Near the top the snow was deep so the men put all six horses on our wagon since it was loaded lighter than the other two. They put Bob's family in with me and my children. When we were about half way up the lower wheels went into soft snow. The upper wheels were in icy snow and wagon turned over. The Lord was with us as the bows and cover caught on a large tree that kept us from going several hundred feet to the bottom. A faithful old mare also held the wagon until a twig left a wedge along her side. No one was hurt but everyone was a bit stunned. The men got the wagon turned over then took the six horses after the other two wagons. No more trouble occurred after the road was broke but we spent all day getting on top to the smelter. We found a warm house to sleep in and a warm barn for the horses. The next morning we found one track was washed deep with running water. We mothers walked with our children. As before luck was with us. Nobody got sick from the exposure. The next morning we headed for Green River (Wyoming). It took us three days to go eighteen miles. The road was so corroded. It was built up with tree limbs and brush covered with dirt. The snow and thaw took its toll there. The limbs would break and skin the horse's legs.

By the time we got to the Green River ferry the river was so high that trees and stumps were rolling down stream. It looked terrible. The old ferryman said he could not take us over, as it was too dangerous. He came over and talked to the men and they finally decided to try it. He took our wagon first. The other men watched. They were to signal if they saw anything coming. We all got across safely but after making camp our faithful old mare had a fold. So Jim hitched in a two-year-old filly that had never had a rope on. She refused to budge. Finally he had to put the old mare in again, as we were helpless. We had many frightening experiences in Wyoming. 

At Piedmont near Green River a large outfit was shearing sheep. Bert Allred and Bill Adams of Lovell were there among the shearers. Our men sheared sheep for a week. After being paid they went to get their checks cashed. They were being watched by a stranger who asked where we were going. He then advised us to stop at a definite place saying no water was to be had for another day's drive. I felt uneasy but he was so definite. Bob felt as I did so they filled the barrels and watered up the horses. We then went about a mile over a ridge and camped. In the night I heard a sound. I woke Jim and told him I was sure someone was coming on a horse, and fast. He also heard it and woke Bob and Byron. The fellow went around the wagons and started driving the horses off. Jim grabbed his gun and took off shooting. Soon the filly with the bell became quiet. All went well until a few days later.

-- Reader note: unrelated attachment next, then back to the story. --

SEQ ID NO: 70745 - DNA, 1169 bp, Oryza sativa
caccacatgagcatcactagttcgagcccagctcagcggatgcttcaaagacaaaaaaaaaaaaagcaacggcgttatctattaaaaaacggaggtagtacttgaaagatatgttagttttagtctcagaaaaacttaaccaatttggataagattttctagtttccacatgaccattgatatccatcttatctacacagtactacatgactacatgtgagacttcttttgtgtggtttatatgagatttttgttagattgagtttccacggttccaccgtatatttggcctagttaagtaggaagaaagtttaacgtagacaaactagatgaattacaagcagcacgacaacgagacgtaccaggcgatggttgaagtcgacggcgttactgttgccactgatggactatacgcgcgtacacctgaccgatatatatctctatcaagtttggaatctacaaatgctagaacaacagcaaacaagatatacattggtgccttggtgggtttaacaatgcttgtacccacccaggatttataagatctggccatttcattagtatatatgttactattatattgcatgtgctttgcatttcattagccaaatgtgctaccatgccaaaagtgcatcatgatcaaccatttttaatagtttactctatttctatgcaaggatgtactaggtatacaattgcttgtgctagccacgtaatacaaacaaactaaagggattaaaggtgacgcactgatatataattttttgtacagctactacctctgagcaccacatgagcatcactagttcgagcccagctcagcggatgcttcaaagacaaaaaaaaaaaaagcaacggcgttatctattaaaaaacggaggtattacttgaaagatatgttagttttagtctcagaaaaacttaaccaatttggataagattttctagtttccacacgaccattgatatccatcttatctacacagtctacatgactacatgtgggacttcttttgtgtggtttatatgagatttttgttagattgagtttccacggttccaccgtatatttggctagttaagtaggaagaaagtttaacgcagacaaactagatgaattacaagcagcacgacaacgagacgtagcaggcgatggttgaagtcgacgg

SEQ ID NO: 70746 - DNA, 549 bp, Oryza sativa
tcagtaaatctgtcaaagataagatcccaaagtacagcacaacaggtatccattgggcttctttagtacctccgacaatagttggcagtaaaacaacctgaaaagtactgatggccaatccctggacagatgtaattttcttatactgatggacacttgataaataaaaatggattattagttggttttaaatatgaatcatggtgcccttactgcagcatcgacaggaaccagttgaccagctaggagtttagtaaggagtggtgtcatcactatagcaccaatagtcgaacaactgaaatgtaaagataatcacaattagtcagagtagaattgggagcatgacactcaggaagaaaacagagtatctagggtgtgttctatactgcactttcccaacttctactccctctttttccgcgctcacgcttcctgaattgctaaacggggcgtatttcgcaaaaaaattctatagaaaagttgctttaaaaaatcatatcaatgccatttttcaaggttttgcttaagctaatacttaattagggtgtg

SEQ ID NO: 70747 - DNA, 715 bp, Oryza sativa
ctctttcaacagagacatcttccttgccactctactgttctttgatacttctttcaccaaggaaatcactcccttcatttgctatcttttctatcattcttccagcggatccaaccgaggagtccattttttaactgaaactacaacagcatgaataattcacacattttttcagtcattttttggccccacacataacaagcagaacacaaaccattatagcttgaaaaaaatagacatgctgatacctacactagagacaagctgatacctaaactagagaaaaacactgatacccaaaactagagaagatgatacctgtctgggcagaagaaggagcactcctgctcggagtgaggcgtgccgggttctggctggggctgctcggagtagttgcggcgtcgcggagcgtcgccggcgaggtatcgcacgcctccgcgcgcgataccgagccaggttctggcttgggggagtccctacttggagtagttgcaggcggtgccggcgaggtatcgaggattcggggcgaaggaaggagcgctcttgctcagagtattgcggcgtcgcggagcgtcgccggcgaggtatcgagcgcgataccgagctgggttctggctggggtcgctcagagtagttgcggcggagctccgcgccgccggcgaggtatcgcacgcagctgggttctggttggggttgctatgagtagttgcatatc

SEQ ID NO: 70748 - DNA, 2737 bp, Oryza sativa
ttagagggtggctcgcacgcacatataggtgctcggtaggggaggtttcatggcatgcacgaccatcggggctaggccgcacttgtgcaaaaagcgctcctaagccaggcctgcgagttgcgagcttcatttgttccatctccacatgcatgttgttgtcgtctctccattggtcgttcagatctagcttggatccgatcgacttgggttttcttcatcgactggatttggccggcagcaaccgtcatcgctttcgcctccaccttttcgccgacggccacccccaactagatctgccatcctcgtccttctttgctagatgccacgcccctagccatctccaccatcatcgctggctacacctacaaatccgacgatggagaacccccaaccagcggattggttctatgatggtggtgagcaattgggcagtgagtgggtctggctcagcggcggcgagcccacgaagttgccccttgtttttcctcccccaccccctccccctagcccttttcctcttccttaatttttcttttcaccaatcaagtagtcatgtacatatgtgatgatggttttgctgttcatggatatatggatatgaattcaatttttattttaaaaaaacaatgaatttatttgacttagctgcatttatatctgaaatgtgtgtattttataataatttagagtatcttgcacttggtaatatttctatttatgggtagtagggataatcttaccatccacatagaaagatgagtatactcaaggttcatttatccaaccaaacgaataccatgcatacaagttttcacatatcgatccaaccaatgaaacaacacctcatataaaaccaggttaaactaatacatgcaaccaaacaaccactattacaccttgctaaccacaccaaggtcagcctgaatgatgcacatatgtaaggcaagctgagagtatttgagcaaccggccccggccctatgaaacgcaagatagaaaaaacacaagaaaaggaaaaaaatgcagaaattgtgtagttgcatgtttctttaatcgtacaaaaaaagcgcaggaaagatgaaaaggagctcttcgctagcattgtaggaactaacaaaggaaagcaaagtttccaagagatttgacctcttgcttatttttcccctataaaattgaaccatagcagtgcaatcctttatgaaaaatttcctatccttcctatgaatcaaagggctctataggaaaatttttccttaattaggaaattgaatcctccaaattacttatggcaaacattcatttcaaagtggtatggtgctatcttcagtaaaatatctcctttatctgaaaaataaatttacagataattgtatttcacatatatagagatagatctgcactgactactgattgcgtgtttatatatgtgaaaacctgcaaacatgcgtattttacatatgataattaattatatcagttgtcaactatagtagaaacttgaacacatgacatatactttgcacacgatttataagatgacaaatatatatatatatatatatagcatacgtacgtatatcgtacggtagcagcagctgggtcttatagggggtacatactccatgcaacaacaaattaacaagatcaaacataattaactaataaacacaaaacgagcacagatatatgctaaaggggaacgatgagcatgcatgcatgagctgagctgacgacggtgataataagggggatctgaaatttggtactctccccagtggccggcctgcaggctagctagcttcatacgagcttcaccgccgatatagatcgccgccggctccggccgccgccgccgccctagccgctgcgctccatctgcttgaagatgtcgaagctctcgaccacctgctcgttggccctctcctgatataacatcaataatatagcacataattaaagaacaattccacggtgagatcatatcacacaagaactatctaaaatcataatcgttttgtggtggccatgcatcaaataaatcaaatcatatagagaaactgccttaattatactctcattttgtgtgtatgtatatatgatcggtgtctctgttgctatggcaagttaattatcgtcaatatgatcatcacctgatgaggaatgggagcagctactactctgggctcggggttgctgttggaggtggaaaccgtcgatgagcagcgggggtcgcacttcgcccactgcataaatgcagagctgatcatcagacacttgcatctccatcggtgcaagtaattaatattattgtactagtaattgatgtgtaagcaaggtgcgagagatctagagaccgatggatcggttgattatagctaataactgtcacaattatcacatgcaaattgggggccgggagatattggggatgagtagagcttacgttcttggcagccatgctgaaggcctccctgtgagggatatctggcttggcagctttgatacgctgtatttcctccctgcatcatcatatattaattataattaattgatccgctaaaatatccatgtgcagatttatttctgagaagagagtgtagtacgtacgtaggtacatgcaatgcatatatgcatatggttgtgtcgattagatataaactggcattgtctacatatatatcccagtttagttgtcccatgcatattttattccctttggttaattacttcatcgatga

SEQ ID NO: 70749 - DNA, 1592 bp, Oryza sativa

We had made our camp and the men had gone to locate grass. A man came down from the timber. I collected myself to answer many questions. Among them was "Where are the men?" I tried my best to speak casually and told him they were just after rabbits. Then he wanted to know how many men there were. I told him five but did not say that two were rather little men. He left thinking the men would be back any minute. Needless to say, we were three happy mothers when the men returned. 

When we came to Lander, Wyoming, the Indian agent was on his way to the July 4th celebration. He told the men there was plenty of grass and to turn the horses on it for which they were grateful. After turning the horses out some Indians came. The leader wanted them to pay $4.00 each for our seven horses. At this Byron unwisely called him a name. Jim spoke up and told Byron to let him handle it. After much talk they agreed on $7.00 for the bunch. Then Jim asked if their horses would be left alone. The Indian said, "W'eno," and they left. The next morning he returned and said, "See, no lie," and Jim told him, "Heap wino."

At Shoshoni we were told we could not cross the Wind River. The only other way was to go over the mountain. They hitched the six horses on Bob's wagon. We walked and carried our babies. The double tree broke, letting the wagon roll back. It turned and hit a tree, so we were all day getting on top. When we got to Thermopolis no feed was to be bought. The men fed the horses a few potatoes that we had. This had to do until we came to Basin where feed could be had. We arrived in Lovell, Wyoming on July 14, 1901. I must say it was a happy birthday for me. It had been four months since leaving Glendale all the while living in a wagon. (It was actually three months.)